About the Journal

Editor-in-Chief’s Note

Research becomes substantial when it is pertinent, and useful. Research in languages and literature is supposed to have no impact on the world outside the academia as natural sciences do. However, research in languages and literature has the potential to change the way people think and want to change the world. Academic journals provide ideal forums for the exchange of human knowledge explored, problems identified, and challenges met and resolved. They spur additional investigation in the relevant fields. UCPJLL aims to be just such a platform for quality research that has the potential to change the world.

I wish to see, UCPJLL succeed in its stated goals namely, to: (a) produce best research at national level, (b) compete with international standards, (c) and attract international researchers. In my capacity as editor-in-chief, I take this opportunity to express my sincere appreciation to the competent members of the UCPJLL Advisory Board, Review Board, and Preliminary/Desk Review Committee for their invaluable assistance and prudent advice in bringing together quality research, reviewed and approved by eminent scholars and ensuring its prompt publication.

UCPJLL editorial team has sincerely and devotedly worked to ensure excellence to raise the bar of the journal in terms of content, quality, quantity, evaluation process, integrity, and impartiality. I have faith that UCPJLL will meet the challenges of attaining the international standards of research and, nonetheless will attain the level where international research will be published under its aegis.

I express my sincere gratitude to Dr. Nassar Ikram, the Pro-Rector, University of Central Punjab Lahore for being an exemplary leader in his role as the Journal's honoured Patron-in-Chief. I also appreciate the editorial team’s ongoing contributions and assistance.

Prof Dr Fehmida Sultana

Dean, Faculty of Languages and Literature


  • Aims and Scope

UCP Journal of Languages and Literature emphasizes the contemporary, quality, and original research in a wide array of thematic domains that fall within the ambit of language and literary studies. Preference would be given to the contributions that deploy varying theoretical and methodological tools for achieving novel and critical insights. This is likely to motivate the authors to integrate diverse social and cultural contexts/perspectives, alternative theories, and multiple methodological strategies. The scope of the proposed journal embraces the broad theoretical and methodological contexts pertaining to the areas of literature, linguistics and English language teaching.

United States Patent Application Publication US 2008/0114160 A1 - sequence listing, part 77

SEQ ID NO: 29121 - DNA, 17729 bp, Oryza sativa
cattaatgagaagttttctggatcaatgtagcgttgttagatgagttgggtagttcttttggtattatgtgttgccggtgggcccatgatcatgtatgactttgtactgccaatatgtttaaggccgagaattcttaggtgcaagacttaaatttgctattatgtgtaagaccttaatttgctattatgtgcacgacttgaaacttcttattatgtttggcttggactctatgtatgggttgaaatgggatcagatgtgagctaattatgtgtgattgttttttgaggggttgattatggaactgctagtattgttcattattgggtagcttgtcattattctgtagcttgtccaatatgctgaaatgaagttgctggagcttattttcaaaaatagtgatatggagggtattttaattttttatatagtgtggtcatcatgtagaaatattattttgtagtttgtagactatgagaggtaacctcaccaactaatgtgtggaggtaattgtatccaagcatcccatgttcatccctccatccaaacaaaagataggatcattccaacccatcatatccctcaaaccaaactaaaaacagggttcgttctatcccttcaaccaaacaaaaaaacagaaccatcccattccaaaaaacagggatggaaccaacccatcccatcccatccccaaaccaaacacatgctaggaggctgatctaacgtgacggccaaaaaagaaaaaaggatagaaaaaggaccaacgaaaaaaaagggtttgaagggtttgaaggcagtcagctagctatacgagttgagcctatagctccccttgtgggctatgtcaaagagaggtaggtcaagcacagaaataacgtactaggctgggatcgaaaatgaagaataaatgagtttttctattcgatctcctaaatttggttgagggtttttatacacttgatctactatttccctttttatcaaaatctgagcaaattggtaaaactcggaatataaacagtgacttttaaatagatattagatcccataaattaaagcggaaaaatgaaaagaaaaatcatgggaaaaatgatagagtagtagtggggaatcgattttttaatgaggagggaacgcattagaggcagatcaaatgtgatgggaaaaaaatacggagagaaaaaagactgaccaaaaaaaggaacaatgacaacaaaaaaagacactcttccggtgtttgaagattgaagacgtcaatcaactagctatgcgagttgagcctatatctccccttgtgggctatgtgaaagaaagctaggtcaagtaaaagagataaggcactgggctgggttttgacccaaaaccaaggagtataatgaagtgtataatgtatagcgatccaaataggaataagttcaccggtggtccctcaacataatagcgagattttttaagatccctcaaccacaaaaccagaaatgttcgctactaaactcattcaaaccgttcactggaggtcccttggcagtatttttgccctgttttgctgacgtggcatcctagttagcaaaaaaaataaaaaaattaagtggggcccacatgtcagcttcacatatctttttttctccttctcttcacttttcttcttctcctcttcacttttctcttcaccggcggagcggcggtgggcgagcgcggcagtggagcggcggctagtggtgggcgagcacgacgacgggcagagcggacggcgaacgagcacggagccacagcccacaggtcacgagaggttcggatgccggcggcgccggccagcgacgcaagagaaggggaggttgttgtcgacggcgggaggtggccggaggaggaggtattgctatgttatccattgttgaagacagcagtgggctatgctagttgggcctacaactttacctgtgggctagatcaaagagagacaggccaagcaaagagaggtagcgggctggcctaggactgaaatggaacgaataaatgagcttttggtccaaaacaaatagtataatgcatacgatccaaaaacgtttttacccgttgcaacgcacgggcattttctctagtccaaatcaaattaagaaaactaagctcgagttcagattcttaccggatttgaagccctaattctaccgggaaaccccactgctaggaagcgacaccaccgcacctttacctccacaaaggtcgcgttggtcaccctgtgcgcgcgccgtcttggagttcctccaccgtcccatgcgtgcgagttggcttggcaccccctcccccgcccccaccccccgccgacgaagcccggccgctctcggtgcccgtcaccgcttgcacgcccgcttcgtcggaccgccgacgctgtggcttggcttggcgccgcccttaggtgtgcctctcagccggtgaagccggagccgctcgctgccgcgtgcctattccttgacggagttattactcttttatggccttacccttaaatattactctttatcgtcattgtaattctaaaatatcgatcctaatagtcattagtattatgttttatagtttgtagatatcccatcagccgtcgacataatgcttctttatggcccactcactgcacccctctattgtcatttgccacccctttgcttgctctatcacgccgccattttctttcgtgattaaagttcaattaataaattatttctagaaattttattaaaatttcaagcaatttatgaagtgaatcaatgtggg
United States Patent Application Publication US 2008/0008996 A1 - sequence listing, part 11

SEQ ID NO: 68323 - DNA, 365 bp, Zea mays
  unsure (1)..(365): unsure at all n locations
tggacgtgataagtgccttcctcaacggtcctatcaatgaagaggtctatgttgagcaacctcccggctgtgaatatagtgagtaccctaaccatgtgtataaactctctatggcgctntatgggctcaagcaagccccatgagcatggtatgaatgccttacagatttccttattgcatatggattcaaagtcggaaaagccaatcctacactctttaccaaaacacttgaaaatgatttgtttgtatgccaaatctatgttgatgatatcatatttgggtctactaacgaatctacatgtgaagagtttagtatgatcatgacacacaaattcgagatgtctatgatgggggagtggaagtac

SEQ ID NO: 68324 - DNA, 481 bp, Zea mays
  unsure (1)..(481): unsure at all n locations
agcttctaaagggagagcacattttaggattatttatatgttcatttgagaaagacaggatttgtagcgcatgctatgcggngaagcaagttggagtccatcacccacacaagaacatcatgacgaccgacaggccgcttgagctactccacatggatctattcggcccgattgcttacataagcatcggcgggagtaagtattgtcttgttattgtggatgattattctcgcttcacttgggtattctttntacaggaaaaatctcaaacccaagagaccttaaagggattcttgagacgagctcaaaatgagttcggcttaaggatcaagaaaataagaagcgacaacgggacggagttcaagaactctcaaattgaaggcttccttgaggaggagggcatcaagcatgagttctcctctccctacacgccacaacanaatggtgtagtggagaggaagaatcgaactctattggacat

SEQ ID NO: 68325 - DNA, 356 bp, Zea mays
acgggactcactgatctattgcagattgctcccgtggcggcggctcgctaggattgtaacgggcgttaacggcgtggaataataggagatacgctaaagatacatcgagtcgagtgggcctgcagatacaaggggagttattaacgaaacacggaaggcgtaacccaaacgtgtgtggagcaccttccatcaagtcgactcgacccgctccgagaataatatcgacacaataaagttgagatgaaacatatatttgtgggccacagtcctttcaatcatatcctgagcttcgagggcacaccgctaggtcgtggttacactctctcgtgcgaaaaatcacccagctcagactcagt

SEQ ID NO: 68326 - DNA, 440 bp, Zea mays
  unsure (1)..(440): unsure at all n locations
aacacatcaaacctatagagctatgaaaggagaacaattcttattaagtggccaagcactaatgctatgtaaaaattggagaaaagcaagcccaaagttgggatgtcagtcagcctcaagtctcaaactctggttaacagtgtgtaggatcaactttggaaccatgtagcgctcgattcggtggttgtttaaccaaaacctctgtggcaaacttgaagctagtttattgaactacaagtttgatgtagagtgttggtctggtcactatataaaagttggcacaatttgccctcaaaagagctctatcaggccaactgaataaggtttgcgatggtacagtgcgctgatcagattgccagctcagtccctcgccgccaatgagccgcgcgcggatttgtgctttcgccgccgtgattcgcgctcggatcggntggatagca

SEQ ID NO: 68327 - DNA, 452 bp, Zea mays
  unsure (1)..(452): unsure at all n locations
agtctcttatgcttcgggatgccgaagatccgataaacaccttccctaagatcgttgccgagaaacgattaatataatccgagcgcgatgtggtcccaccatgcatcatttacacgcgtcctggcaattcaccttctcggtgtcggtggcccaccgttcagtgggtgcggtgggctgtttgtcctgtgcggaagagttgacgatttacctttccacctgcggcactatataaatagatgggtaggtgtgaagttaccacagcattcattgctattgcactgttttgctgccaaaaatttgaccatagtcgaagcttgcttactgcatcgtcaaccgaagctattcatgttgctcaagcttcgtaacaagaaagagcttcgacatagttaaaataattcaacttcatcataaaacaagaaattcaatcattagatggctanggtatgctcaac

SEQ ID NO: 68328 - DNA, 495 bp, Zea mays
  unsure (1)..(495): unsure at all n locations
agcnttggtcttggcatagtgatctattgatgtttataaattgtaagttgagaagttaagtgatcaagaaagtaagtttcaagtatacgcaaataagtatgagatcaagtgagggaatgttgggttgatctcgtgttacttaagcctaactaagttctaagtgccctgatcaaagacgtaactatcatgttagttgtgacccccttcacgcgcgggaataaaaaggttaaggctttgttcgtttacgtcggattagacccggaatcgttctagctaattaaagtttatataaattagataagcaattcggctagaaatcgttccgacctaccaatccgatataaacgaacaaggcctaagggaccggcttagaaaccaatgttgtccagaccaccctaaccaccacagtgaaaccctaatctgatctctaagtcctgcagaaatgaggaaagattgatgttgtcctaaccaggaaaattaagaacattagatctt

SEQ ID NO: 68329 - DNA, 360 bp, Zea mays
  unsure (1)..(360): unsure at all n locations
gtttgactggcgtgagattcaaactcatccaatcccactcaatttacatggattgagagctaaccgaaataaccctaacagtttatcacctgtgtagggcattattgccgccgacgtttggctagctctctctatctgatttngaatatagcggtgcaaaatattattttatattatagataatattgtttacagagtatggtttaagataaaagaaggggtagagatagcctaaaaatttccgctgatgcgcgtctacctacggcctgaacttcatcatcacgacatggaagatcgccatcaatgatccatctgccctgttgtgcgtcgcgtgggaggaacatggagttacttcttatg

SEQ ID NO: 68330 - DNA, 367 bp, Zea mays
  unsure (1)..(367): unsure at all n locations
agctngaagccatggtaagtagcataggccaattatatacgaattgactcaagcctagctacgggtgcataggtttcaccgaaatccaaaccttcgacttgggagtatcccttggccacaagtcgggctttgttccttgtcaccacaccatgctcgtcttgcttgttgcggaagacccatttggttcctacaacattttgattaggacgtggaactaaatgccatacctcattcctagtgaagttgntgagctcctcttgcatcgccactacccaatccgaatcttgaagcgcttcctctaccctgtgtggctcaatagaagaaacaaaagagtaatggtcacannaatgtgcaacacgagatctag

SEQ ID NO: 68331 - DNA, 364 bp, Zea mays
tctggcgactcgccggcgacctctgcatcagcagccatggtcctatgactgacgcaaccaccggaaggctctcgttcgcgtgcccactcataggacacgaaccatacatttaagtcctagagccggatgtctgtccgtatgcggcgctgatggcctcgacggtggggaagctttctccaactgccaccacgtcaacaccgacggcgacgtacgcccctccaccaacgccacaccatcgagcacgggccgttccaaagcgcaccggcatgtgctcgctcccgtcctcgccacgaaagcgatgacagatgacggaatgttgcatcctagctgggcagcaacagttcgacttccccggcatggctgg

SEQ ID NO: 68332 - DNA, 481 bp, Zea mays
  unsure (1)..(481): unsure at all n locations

• Advisory Board

National Experts

Dr Wasima Shehzad

Dean & Professor

Department of English, Air University Islamabad

Email: wasima@mail.au.edu.pk


Prof Dr Waseem Anwar

Director, International Centre for Pakistani Writing in English (ICPWE), Kinnaird College Lahore

Email: Waseem.anwar@kinnaird.edu.pk


Dr Jamil Asghar Jami

Dean & Professor, Faculty of Languages, NUML, Islamabad

Email: jasghar@numl.edu.pk


Dr Muhammad Illyas Chisti

Associate Professor, School of Natural Sciences, NUST

Email: illyas.chisti@sns.nust.edu.pk


Dr Uzma Anjum

Assistant Professor, Department of English, Air University Islamabad

Email: uzmaraja2000@gmail.com


Dr Shahid Imtiaz

Associate Professor, Department of English, Riphah International University Islamabad, Lahore Campus

Email: Shahidimtiaz19@hotmail.com


Dr Fatima Syed

Professor and Chair, Department of English, Forman Christian University Lahore

Email: fatimasyeda@fccollege.edu.pk



International Experts

Dr. Rakesh Mohan Bhatt

Email: rbhatt@illinois.edu

Associate Head, Director of Graduate Admissions, Professor

Department of Linguistics, University of Illinois Urbana-Champaign USA


Dr James Hye Suk Yoon

Email: jyoon@illinois.edu

Head, Professor



Prof. Dr. Maha Rached Sourani

Email: maha.sourani@ul.edu.lb

Department of English Language and Literature, Faculty of Letters and Human Sciences, Lebanese University, Lebanon


Prof. Dr. Shahab Yar Khan

Email: shahab.yar.khan@ff.unsa.ba

Department of English Language and Literature, University in Sarajevo, Bosnia


Dr Sun He

Education Research Scientist, OER Centre for Research in Child Development

Research Scientist, National Institute of Education - Office of Education Research



Dr. Manvender Kaur Sarjit Singh

Associate Professor of Applied Linguistics, School of Languages, Civilization and Philosophy

Universiti Utara Malaysia

Email: manvender@uum.edu.my


Dr Zahid Javed

Professor, Department of Linguistics & Foreign Language, Taif University KSA

Email: choudhary@tu.edu.sa


Editorial Policy

Publication Ethical Policy

UCP Journal of Languages and Literature (UCPJLL) strictly follows the HEC ethical policy of publications. UCPJLL aims to apply for Cope membership which is committed to educating and supporting editors, publishers and those involved in publication ethics with the aim of moving the culture of publishing towards one where ethical practice becomes a normal part of the publishing culture.

Protecting Intellectual Property

UCP Journal of Languages and Literature (UCPJLL) is committed to the protection of intellectual property. When supplementary materials are requested during review process, they will be subject to the double-blind review to maintain author’s anonymity. Reviewer team members will not use ideas. Sharing of supplementary material is highly prohibited without explicit permission of author through editor-in-Chief or managing editor. Advice regarding specific, limited aspects of the manuscript may be sought from colleagues with specific expertise, providing the author’s identity and intellectual property remain secure.